Never before has a U.S. president worked so hard to isolate his country from its friends. The G-7 summit of advanced economies that starts today in Quebec find Canada, France, Germany, Italy, Japan and the U.K. united in opposition to Donald Trump's protectionist trade policy. The problem runs deeper than a first round of tariffs and counter-tariffs, because Trump's trade policy is not an oversight: Taken at his term, the president is opposed to multilateralism in principle.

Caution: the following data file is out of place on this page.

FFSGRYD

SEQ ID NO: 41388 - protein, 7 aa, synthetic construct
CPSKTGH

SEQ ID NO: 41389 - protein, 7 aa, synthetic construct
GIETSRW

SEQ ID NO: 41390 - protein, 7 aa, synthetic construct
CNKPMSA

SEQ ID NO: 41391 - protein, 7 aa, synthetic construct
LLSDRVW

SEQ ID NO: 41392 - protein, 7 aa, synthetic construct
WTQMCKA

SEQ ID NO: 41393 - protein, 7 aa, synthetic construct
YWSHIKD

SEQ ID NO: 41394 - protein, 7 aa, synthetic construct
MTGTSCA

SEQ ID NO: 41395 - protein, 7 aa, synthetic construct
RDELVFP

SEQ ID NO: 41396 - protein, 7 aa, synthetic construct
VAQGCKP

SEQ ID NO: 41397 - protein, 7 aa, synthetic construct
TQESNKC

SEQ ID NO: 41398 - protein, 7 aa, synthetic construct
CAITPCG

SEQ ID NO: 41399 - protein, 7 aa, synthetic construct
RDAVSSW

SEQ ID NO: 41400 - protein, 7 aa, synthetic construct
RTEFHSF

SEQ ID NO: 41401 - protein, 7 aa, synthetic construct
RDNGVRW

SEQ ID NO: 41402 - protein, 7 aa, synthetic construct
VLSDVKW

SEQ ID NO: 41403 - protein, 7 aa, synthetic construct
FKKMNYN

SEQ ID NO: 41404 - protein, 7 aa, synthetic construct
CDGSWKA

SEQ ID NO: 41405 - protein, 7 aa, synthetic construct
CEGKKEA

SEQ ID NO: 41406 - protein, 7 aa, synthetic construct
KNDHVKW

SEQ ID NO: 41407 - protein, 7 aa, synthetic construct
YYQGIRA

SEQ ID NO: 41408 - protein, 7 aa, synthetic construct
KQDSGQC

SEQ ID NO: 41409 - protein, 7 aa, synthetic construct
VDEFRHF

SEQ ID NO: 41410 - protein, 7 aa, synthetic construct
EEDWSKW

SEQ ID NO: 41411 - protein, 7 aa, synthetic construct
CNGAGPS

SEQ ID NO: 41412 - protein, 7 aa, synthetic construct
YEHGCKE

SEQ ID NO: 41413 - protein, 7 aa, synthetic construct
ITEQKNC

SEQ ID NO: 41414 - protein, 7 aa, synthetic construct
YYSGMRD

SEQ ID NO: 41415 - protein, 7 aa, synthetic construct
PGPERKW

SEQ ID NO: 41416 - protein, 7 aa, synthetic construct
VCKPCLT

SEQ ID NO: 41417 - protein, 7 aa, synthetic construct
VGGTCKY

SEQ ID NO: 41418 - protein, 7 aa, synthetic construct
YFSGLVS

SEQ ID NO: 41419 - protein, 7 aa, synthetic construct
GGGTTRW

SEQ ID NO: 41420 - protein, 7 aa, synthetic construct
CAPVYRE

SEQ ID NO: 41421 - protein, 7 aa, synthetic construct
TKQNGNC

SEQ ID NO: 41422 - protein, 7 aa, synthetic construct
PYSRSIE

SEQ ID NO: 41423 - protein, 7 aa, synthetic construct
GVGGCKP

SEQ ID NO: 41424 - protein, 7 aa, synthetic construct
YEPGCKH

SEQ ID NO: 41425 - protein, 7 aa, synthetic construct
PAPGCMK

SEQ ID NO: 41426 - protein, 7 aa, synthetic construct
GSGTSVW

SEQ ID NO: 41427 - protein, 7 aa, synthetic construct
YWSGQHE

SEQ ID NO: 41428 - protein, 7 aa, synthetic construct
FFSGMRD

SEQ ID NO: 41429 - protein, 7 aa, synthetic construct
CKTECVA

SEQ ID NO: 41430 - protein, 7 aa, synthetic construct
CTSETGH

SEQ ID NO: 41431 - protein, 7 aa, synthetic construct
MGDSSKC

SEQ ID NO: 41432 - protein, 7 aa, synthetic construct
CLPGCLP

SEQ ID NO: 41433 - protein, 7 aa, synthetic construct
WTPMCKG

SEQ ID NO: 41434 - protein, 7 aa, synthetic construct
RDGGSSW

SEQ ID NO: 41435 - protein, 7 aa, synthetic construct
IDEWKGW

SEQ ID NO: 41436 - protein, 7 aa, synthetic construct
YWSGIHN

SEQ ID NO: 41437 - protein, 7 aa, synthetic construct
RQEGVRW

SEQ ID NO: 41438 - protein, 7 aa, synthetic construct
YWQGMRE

He's wrong, of course. The cooperative global order shaped by previous U.S. chairmen has served American interests far better than Trumpian unilateralism ever could or will. Needless trade friction will confuse the summit's attention from cooperation on North Korea, Russia, China, migration, emphasizes in emerging markets, and more.
Future chairwomen, one hopes, will understand this. Right now, the question is how to cope with a chairman who only doesn't get it.